IF you love Barolo or Burgundy, there is a wonderful southern Italian grape, which would suit anyone who has a penchant for these wine styles.
Gaglioppo is an ancient grape grown in the wilds of Italy’s toe, in Calabria. It has been grown here for centuries – but in the past it usually disappeared into the blending vats. Now ‘The Black Prince’, as gaglioppo is called, is being revived by a new generation of growers.
Gaglioppo’s origin is either Greek or Sicilian. What it shares with Barolo’s nebbiolo grape is its pale brick-red colour, haunting aromas of roses, natural high acid and firm tannins. It also has a liquorice and red berry scent and delicacy that reminds me of Burgundian pinot noir.
Now Calabria is not on the tourist trail. Visitors to southern Italy sweep down past it on the motorway which takes them from Naples to Messina. Few stop in Calabria, a wild, mountainous and poor region in Italy’s hot south, dominated by a 2,000 metre mountain range that acts like a barrier to the modern world. The villages I found here were uninviting – and there is a lot of organised crime, or so I’m told by my Italian wine guru, David Berry Green. So, no fancy restaurants or hotels, although the ancient towns do look idyllic and unspoilt nestled in the hillsides. Calabria is very different from Puglia in Italy’s heel, which is now an enticing tourist destination.
This is a hot, arid, inhospitable land, dried by the stiff Sirocco winds blowing in from Africa. Eucalyptus trees, oranges and peppers grow here in abundance – and so does the gaglioppo grape. Calabria has extensive vineyards with 3,000 hectares of the grape on its east coast overlooking the Ionian sea, with Puglia away in the distance.
The local wine, Ciro Rosso, is made predominantly from the gaglioppo grape. In the past it had to contain 95 per cent of gaglioppo, with 5 per cent of greco biano. Two years ago, they changed the law to encompass other grapes. Ciro Rosso can now be minimum 80 per cent gaglioppo with a 20 per cent addition of other grapes like merlot or cabernet sauvignon.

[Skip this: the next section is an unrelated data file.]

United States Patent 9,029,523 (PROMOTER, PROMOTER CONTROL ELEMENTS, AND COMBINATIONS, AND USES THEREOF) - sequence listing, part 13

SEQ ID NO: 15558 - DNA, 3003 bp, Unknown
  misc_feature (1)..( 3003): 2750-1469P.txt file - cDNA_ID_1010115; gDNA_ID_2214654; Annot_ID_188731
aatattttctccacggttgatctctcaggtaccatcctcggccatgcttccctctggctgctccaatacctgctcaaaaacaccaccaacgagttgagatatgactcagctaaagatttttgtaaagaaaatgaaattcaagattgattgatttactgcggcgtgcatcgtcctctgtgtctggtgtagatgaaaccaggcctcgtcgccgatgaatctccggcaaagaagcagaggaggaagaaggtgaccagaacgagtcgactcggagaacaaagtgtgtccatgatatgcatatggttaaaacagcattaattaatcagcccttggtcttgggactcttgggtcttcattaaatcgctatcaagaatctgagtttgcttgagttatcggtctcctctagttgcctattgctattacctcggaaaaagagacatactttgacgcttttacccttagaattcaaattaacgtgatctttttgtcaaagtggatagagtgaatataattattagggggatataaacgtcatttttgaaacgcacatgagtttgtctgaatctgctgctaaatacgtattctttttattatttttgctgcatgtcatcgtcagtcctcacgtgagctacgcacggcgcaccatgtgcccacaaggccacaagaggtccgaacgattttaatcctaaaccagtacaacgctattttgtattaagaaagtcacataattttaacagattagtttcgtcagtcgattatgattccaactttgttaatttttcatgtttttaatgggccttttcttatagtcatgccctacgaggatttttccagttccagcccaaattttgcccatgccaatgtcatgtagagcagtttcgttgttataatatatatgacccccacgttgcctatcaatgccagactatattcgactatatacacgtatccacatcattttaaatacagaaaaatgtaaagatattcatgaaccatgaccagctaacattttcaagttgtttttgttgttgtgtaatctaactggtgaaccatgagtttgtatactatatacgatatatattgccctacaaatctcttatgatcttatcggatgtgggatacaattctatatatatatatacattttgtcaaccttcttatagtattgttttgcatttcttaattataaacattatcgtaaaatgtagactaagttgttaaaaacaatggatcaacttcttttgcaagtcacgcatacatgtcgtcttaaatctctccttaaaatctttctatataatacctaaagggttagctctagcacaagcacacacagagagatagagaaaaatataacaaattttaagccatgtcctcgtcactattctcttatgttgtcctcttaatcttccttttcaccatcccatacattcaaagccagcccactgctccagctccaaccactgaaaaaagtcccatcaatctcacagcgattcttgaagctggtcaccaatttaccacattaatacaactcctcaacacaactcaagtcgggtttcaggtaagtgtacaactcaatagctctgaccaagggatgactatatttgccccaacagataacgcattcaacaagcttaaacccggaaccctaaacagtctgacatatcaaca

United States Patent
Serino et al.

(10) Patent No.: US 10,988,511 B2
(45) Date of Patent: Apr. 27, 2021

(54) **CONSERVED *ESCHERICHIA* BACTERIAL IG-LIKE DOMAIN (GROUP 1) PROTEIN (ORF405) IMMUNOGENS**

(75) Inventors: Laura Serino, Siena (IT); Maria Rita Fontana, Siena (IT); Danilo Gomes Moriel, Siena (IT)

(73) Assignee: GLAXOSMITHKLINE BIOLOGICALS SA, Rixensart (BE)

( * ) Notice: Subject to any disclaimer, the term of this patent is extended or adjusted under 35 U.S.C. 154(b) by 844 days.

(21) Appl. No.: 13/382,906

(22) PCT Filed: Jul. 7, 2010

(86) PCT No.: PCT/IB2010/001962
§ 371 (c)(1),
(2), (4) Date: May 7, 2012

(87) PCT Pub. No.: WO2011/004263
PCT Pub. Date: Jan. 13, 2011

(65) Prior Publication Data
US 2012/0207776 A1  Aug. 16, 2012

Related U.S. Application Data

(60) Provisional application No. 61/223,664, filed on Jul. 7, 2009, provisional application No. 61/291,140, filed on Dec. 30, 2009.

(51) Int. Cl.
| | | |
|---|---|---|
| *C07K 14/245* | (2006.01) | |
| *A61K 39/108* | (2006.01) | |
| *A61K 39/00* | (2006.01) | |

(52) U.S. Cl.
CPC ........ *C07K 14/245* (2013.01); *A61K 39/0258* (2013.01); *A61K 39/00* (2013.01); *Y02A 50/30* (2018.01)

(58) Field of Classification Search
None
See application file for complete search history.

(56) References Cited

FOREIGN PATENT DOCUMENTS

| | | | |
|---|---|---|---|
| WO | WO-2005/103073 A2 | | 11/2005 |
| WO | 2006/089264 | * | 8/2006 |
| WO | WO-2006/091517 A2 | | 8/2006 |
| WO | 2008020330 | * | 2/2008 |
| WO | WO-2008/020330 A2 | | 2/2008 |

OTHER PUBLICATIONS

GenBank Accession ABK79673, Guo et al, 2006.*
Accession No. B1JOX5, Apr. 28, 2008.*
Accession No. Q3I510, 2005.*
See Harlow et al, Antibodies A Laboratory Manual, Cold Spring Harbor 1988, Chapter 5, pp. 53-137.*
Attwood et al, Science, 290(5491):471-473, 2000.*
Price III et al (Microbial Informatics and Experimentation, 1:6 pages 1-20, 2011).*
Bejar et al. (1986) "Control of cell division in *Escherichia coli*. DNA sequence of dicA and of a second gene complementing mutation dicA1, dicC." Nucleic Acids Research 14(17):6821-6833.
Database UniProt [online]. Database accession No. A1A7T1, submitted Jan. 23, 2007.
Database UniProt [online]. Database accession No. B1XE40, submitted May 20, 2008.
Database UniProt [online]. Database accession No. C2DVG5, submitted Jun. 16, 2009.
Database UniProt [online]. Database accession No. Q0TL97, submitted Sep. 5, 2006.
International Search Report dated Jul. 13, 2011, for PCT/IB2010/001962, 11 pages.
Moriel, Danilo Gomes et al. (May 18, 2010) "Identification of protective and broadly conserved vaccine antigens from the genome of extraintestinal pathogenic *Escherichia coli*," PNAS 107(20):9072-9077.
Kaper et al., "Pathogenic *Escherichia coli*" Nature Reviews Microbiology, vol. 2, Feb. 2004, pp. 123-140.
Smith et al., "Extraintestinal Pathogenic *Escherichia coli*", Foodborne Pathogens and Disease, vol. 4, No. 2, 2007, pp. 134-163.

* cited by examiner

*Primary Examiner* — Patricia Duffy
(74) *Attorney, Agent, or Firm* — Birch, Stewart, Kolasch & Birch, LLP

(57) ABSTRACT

Local growers like young Sergio Arcuri are now coming to terms with the tricky gaglioppo. It’s a vigorous vine with tight berry clusters and massive foliage. He has learned how to prune the triffid vines, control yields and when to pick to get tannins ripe but not severe; gaglioppo is a late ripener so it is picked as late as the first week of October. Arcuri has less than four hectares here, but his vines are old alberello-trained vines dating from 1948. His family used to sell off the grapes to the local co-operative, but he wanted to make his own wine.
Arcuri uses organic techniques in the vineyard and ferments in a cement bath tub. He has learned not to over macerate as the pips and skins can give harshness to the wine. The result is really elegant and almost ethereal. Other producers to look for are Roberto Cerraudo, Caparra, A Vita and de Franco.
Calabrian wineries such as Librandi turn out bigger volumes of 100 gaglioppo wines, so their prices are more affordable and their softer styles make a gentler introduction to this wonderful grape. Serve with spicy piccante Calabrian Spianata salami from Valvona & Crolla, for an authentic southern Italian treat.